Todd Nettleton with VOM explains, “The focus is on groups of people that gather together. Whether it be for Christian purposes or for political purposes or even like a labor union purpose, the government wants to control who you gather with and what you do during this gatherings. So the focus of the law is not necessarily particularly aimed at religion; however, the concern among the Christians in Laos is it’s going to be used primarily to shut down religious activity and religious expression.”
Laos is a state party to seven core treaties on international human rights. Earlier this year, Laos also participated in their 8th Dialogue on Human Rights and Governance with the European Union and agreed to reinforce human rights. However, this new law is a clear violation of human rights and religious freedom in the country.
“What this means on the ground in Laos is people who want to do religious activities — the people Voice of the Martyrs calls frontline workers carrying the Gospel out to the frontlines — they face more hurdles now because there [are] more people they need to check in with and get permission from if they are going to do this legally. If they don’t do it legally, they are subject to arrest and persecution.”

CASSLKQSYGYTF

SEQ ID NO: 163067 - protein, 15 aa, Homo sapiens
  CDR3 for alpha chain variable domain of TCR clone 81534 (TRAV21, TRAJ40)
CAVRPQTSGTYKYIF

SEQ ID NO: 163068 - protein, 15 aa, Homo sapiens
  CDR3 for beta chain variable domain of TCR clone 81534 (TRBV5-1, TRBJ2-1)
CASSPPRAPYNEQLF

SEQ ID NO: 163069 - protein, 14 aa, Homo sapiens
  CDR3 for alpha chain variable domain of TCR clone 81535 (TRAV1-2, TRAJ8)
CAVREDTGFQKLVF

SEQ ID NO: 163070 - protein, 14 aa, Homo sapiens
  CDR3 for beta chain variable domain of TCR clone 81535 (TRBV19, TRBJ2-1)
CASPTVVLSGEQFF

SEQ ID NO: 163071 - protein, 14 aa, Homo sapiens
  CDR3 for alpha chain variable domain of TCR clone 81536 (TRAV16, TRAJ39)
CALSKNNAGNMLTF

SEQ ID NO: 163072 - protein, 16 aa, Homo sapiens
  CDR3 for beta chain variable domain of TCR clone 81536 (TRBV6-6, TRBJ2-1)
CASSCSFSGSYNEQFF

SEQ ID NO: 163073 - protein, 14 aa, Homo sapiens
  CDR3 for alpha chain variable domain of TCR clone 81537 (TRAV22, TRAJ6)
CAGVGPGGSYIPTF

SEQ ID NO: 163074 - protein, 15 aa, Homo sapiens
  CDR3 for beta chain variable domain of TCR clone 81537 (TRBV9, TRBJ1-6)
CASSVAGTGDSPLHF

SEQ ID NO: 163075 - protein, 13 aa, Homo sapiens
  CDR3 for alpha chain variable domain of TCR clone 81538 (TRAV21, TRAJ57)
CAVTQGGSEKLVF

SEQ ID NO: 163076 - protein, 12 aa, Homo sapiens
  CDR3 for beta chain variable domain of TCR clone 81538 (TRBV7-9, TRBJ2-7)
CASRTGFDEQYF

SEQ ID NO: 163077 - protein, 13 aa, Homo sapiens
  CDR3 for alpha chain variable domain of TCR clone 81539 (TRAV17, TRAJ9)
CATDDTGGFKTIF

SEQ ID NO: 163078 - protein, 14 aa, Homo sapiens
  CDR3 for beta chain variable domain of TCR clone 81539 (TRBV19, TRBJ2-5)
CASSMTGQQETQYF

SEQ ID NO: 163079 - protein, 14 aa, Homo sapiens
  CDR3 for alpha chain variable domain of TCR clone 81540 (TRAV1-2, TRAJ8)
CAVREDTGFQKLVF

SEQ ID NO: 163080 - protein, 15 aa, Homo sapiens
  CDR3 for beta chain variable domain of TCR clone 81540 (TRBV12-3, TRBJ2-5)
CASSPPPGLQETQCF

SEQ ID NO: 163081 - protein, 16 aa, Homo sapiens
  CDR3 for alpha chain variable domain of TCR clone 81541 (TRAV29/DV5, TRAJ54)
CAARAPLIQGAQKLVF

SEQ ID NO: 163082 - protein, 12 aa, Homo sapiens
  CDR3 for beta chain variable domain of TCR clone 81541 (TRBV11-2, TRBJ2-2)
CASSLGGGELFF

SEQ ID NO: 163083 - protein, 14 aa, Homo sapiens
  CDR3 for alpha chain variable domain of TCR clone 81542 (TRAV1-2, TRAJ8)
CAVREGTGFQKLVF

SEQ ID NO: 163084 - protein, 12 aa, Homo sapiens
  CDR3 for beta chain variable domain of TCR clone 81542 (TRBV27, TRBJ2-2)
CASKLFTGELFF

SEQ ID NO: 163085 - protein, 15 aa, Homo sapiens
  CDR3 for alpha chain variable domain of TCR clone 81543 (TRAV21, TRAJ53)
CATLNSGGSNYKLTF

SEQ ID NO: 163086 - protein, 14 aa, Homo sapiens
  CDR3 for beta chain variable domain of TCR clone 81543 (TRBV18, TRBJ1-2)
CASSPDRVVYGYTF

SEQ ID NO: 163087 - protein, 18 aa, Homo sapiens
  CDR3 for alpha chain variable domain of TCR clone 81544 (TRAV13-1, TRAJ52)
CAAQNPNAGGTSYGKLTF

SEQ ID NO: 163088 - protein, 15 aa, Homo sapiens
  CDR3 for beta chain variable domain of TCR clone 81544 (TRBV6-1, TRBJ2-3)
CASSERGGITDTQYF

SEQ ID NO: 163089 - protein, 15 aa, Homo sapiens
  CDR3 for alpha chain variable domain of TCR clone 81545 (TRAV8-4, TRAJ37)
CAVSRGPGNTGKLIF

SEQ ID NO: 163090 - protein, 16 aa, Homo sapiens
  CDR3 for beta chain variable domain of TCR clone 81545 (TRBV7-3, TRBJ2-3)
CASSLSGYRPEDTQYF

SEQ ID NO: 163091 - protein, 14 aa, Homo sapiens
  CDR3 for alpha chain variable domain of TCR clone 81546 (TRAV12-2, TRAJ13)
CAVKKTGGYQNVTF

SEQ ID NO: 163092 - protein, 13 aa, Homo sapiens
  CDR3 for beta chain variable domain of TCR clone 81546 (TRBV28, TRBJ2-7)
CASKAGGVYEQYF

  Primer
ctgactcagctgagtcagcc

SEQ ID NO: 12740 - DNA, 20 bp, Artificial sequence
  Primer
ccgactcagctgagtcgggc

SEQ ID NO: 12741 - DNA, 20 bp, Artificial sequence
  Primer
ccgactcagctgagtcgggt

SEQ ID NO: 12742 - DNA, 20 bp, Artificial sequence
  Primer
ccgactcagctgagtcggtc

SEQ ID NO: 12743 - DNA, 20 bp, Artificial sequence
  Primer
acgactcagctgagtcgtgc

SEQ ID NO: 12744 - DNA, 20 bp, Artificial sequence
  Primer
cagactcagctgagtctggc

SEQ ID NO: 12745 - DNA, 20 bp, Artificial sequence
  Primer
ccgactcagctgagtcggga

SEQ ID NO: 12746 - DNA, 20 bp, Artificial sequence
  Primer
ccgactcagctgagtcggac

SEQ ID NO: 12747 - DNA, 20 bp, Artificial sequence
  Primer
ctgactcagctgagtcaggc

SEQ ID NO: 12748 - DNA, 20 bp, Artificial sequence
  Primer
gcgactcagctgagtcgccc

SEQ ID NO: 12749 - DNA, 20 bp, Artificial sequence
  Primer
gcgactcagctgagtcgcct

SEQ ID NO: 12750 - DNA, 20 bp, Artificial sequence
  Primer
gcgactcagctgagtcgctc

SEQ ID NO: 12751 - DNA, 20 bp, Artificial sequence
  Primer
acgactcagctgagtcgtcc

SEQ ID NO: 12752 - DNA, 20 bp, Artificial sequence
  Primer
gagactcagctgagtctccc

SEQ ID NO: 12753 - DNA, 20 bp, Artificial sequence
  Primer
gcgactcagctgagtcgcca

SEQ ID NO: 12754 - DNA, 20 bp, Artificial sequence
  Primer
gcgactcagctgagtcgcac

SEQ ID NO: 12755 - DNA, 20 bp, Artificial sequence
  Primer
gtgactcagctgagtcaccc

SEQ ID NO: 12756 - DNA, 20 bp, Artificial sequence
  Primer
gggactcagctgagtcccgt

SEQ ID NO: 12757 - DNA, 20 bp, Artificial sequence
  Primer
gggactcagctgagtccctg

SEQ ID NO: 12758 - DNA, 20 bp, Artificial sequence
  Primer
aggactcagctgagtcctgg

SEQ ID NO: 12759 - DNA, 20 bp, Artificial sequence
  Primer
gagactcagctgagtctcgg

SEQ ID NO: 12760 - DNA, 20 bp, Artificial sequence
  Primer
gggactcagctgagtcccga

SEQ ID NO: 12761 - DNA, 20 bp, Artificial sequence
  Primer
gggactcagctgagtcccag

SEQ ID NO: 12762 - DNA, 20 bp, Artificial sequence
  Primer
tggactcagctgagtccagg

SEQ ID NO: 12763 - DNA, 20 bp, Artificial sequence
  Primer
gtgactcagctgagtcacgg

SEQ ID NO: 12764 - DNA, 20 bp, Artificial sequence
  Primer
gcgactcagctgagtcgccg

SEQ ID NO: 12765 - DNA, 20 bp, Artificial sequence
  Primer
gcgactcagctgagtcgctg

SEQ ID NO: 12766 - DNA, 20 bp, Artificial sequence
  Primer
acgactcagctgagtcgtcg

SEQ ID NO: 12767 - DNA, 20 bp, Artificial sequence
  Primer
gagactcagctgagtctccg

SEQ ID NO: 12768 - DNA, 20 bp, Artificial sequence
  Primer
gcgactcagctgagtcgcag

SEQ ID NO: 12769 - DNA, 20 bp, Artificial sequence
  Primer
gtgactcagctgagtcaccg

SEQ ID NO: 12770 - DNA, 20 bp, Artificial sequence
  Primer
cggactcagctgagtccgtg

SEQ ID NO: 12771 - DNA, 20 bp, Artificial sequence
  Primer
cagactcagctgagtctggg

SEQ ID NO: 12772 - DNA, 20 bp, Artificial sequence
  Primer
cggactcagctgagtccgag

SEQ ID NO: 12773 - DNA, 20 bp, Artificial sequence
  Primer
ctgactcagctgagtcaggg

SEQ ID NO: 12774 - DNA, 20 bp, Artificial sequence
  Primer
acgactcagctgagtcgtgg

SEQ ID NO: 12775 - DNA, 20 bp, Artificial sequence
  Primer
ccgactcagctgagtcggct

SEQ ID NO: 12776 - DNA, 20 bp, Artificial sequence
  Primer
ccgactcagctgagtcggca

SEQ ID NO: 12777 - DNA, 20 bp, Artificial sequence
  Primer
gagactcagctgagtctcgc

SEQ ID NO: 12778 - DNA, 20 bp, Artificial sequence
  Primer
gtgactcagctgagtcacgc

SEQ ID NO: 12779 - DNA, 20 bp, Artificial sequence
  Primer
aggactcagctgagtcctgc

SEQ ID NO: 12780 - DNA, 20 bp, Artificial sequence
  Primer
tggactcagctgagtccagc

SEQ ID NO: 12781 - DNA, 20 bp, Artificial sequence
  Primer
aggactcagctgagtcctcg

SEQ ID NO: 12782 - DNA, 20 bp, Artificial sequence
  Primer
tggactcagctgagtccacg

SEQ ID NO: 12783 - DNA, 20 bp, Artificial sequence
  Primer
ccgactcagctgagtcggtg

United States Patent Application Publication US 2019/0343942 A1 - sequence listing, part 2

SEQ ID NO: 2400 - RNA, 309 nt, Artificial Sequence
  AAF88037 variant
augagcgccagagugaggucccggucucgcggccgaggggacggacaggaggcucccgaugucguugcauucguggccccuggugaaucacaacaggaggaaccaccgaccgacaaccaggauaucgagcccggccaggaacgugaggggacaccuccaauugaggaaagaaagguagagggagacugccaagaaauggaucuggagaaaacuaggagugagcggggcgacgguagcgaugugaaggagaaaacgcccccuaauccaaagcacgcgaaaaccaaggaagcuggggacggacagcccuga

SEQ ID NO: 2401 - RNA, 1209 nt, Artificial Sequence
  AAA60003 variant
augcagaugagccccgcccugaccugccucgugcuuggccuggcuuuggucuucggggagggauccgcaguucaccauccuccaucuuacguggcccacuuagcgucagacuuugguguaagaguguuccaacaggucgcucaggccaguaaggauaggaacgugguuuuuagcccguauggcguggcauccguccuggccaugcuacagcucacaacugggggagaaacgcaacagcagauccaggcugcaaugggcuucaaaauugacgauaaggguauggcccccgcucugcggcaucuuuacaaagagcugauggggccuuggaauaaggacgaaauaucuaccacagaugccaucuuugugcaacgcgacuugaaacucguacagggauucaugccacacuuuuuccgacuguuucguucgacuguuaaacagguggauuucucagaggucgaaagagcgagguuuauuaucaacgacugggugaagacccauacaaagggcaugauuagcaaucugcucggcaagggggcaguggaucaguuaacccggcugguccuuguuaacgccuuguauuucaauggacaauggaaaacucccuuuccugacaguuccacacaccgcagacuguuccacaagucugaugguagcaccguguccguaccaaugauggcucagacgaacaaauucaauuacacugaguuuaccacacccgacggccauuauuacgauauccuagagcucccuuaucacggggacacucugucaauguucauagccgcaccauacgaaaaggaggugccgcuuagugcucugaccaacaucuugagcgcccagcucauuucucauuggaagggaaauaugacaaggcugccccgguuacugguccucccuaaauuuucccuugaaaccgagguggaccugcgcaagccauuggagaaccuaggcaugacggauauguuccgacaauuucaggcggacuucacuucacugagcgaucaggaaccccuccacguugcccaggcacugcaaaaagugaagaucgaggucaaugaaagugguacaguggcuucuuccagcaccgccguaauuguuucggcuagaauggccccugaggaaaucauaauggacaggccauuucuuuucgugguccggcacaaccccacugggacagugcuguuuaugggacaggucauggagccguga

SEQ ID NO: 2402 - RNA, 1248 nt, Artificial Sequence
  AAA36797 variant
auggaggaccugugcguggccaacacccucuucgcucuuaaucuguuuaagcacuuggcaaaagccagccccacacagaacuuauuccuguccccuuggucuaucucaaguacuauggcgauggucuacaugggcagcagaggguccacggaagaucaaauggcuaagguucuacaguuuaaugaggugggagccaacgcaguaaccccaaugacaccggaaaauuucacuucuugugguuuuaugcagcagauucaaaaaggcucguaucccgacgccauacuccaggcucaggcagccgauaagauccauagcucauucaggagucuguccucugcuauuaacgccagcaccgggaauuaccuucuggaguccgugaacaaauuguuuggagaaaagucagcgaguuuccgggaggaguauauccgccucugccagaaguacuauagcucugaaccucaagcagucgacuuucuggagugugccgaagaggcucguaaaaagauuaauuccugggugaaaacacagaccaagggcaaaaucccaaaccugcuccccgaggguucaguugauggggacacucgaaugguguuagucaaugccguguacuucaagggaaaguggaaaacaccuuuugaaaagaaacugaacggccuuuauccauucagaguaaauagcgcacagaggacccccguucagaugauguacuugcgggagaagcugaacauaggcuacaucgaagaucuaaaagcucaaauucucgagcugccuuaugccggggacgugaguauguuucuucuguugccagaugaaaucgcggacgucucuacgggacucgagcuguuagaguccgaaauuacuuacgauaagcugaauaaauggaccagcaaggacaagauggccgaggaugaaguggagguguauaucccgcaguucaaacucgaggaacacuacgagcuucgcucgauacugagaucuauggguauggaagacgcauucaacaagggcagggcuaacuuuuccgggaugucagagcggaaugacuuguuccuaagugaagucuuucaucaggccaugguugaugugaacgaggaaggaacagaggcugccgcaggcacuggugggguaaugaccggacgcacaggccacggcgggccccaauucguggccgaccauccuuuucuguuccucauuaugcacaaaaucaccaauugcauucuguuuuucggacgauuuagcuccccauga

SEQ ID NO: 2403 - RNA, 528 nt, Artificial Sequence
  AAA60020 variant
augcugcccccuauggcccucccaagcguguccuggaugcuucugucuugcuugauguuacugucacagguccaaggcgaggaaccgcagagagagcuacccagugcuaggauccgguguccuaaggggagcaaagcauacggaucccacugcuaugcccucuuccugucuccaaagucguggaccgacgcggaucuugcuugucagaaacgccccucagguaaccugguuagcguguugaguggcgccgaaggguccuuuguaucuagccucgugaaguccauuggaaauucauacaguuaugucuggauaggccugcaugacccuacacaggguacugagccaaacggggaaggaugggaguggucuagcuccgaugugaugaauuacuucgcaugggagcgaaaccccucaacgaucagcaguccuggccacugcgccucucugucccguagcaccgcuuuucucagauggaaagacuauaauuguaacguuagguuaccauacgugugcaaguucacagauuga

This law has already been skewed to target religious minorities in Laos, especially in rural areas. Buddhism, the majority religion, is often exempt from the Decree of Association’s meeting requirements.
Laos stands at 20th place on the World Watch List for “very high persecution” of Christians. A large amount of persecution Lao Christians face comes from Communist and Post-communist oppression.
“We would love to see this law overturned,” says Nettleton. “We would love to see more freedom of religion in Laos. But regardless of what the government does, we pray that frontline workers and evangelists will continue to carry forth the Gospel in spite of the hurdles that are being put in front of them.”
You can also call your government officials and stand up for our persecuted Christian brothers and sisters in Laos.
“Because this new law really goes against the United Nations’ declarations that the Lao government has signed onto,…this is a time where we can have a voice within our own government to encourage our government officials to ask some hard questions to the Lao government.”
(Header photo courtesy of Voice of the Martyrs Canada)